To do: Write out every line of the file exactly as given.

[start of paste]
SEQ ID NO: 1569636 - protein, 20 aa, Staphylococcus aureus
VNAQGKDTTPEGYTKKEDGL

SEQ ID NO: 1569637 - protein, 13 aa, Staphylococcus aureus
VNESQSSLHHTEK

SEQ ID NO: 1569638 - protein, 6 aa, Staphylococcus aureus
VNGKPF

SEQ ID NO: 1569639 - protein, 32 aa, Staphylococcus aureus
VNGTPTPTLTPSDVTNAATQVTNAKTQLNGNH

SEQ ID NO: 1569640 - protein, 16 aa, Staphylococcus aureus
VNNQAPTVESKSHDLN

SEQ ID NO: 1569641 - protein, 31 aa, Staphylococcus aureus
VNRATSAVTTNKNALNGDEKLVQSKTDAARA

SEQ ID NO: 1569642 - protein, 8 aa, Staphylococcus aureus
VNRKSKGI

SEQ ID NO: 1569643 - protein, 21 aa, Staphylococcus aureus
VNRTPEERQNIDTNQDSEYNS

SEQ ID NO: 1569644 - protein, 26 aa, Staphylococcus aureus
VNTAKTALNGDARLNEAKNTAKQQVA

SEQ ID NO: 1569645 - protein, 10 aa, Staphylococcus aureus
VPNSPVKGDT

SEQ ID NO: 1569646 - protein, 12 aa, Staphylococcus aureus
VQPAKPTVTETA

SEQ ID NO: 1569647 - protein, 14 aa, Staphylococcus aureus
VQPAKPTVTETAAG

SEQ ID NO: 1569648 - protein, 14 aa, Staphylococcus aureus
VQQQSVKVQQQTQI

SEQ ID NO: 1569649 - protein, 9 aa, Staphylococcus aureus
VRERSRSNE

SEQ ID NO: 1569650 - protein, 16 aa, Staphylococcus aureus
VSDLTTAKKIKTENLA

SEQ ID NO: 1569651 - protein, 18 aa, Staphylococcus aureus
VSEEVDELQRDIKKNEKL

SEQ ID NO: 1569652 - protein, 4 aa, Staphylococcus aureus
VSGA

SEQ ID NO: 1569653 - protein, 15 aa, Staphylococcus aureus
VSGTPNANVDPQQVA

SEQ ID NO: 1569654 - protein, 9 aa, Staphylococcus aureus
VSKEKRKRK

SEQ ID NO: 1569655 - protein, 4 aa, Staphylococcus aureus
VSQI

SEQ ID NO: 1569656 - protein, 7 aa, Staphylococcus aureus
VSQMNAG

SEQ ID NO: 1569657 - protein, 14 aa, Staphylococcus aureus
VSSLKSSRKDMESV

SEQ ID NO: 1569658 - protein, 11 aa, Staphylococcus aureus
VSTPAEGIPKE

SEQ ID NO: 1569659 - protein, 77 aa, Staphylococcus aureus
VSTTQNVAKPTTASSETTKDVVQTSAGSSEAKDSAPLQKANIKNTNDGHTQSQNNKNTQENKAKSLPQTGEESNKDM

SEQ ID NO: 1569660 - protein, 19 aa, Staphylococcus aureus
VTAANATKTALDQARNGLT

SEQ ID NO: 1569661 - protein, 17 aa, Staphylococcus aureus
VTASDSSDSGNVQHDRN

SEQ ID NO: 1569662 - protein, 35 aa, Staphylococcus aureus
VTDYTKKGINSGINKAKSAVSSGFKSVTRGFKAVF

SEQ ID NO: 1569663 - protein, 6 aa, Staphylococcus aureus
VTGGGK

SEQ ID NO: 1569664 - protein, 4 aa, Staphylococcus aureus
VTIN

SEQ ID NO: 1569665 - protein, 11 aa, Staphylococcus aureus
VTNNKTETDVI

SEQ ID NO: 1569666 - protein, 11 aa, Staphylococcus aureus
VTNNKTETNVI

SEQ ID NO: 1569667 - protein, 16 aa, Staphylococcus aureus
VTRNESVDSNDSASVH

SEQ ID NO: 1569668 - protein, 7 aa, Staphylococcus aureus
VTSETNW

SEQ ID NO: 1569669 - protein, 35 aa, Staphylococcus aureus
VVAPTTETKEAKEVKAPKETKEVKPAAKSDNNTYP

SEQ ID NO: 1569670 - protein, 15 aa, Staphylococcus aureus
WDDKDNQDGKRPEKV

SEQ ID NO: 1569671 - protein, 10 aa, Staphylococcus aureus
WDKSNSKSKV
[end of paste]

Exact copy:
SEQ ID NO: 1569636 - protein, 20 aa, Staphylococcus aureus
VNAQGKDTTPEGYTKKEDGL

SEQ ID NO: 1569637 - protein, 13 aa, Staphylococcus aureus
VNESQSSLHHTEK

SEQ ID NO: 1569638 - protein, 6 aa, Staphylococcus aureus
VNGKPF

SEQ ID NO: 1569639 - protein, 32 aa, Staphylococcus aureus
VNGTPTPTLTPSDVTNAATQVTNAKTQLNGNH

SEQ ID NO: 1569640 - protein, 16 aa, Staphylococcus aureus
VNNQAPTVESKSHDLN

SEQ ID NO: 1569641 - protein, 31 aa, Staphylococcus aureus
VNRATSAVTTNKNALNGDEKLVQSKTDAARA

SEQ ID NO: 1569642 - protein, 8 aa, Staphylococcus aureus
VNRKSKGI

SEQ ID NO: 1569643 - protein, 21 aa, Staphylococcus aureus
VNRTPEERQNIDTNQDSEYNS

SEQ ID NO: 1569644 - protein, 26 aa, Staphylococcus aureus
VNTAKTALNGDARLNEAKNTAKQQVA

SEQ ID NO: 1569645 - protein, 10 aa, Staphylococcus aureus
VPNSPVKGDT

SEQ ID NO: 1569646 - protein, 12 aa, Staphylococcus aureus
VQPAKPTVTETA

SEQ ID NO: 1569647 - protein, 14 aa, Staphylococcus aureus
VQPAKPTVTETAAG

SEQ ID NO: 1569648 - protein, 14 aa, Staphylococcus aureus
VQQQSVKVQQQTQI

SEQ ID NO: 1569649 - protein, 9 aa, Staphylococcus aureus
VRERSRSNE

SEQ ID NO: 1569650 - protein, 16 aa, Staphylococcus aureus
VSDLTTAKKIKTENLA

SEQ ID NO: 1569651 - protein, 18 aa, Staphylococcus aureus
VSEEVDELQRDIKKNEKL

SEQ ID NO: 1569652 - protein, 4 aa, Staphylococcus aureus
VSGA

SEQ ID NO: 1569653 - protein, 15 aa, Staphylococcus aureus
VSGTPNANVDPQQVA

SEQ ID NO: 1569654 - protein, 9 aa, Staphylococcus aureus
VSKEKRKRK

SEQ ID NO: 1569655 - protein, 4 aa, Staphylococcus aureus
VSQI

SEQ ID NO: 1569656 - protein, 7 aa, Staphylococcus aureus
VSQMNAG

SEQ ID NO: 1569657 - protein, 14 aa, Staphylococcus aureus
VSSLKSSRKDMESV

SEQ ID NO: 1569658 - protein, 11 aa, Staphylococcus aureus
VSTPAEGIPKE

SEQ ID NO: 1569659 - protein, 77 aa, Staphylococcus aureus
VSTTQNVAKPTTASSETTKDVVQTSAGSSEAKDSAPLQKANIKNTNDGHTQSQNNKNTQENKAKSLPQTGEESNKDM

SEQ ID NO: 1569660 - protein, 19 aa, Staphylococcus aureus
VTAANATKTALDQARNGLT

SEQ ID NO: 1569661 - protein, 17 aa, Staphylococcus aureus
VTASDSSDSGNVQHDRN

SEQ ID NO: 1569662 - protein, 35 aa, Staphylococcus aureus
VTDYTKKGINSGINKAKSAVSSGFKSVTRGFKAVF

SEQ ID NO: 1569663 - protein, 6 aa, Staphylococcus aureus
VTGGGK

SEQ ID NO: 1569664 - protein, 4 aa, Staphylococcus aureus
VTIN

SEQ ID NO: 1569665 - protein, 11 aa, Staphylococcus aureus
VTNNKTETDVI

SEQ ID NO: 1569666 - protein, 11 aa, Staphylococcus aureus
VTNNKTETNVI

SEQ ID NO: 1569667 - protein, 16 aa, Staphylococcus aureus
VTRNESVDSNDSASVH

SEQ ID NO: 1569668 - protein, 7 aa, Staphylococcus aureus
VTSETNW

SEQ ID NO: 1569669 - protein, 35 aa, Staphylococcus aureus
VVAPTTETKEAKEVKAPKETKEVKPAAKSDNNTYP

SEQ ID NO: 1569670 - protein, 15 aa, Staphylococcus aureus
WDDKDNQDGKRPEKV

SEQ ID NO: 1569671 - protein, 10 aa, Staphylococcus aureus
WDKSNSKSKV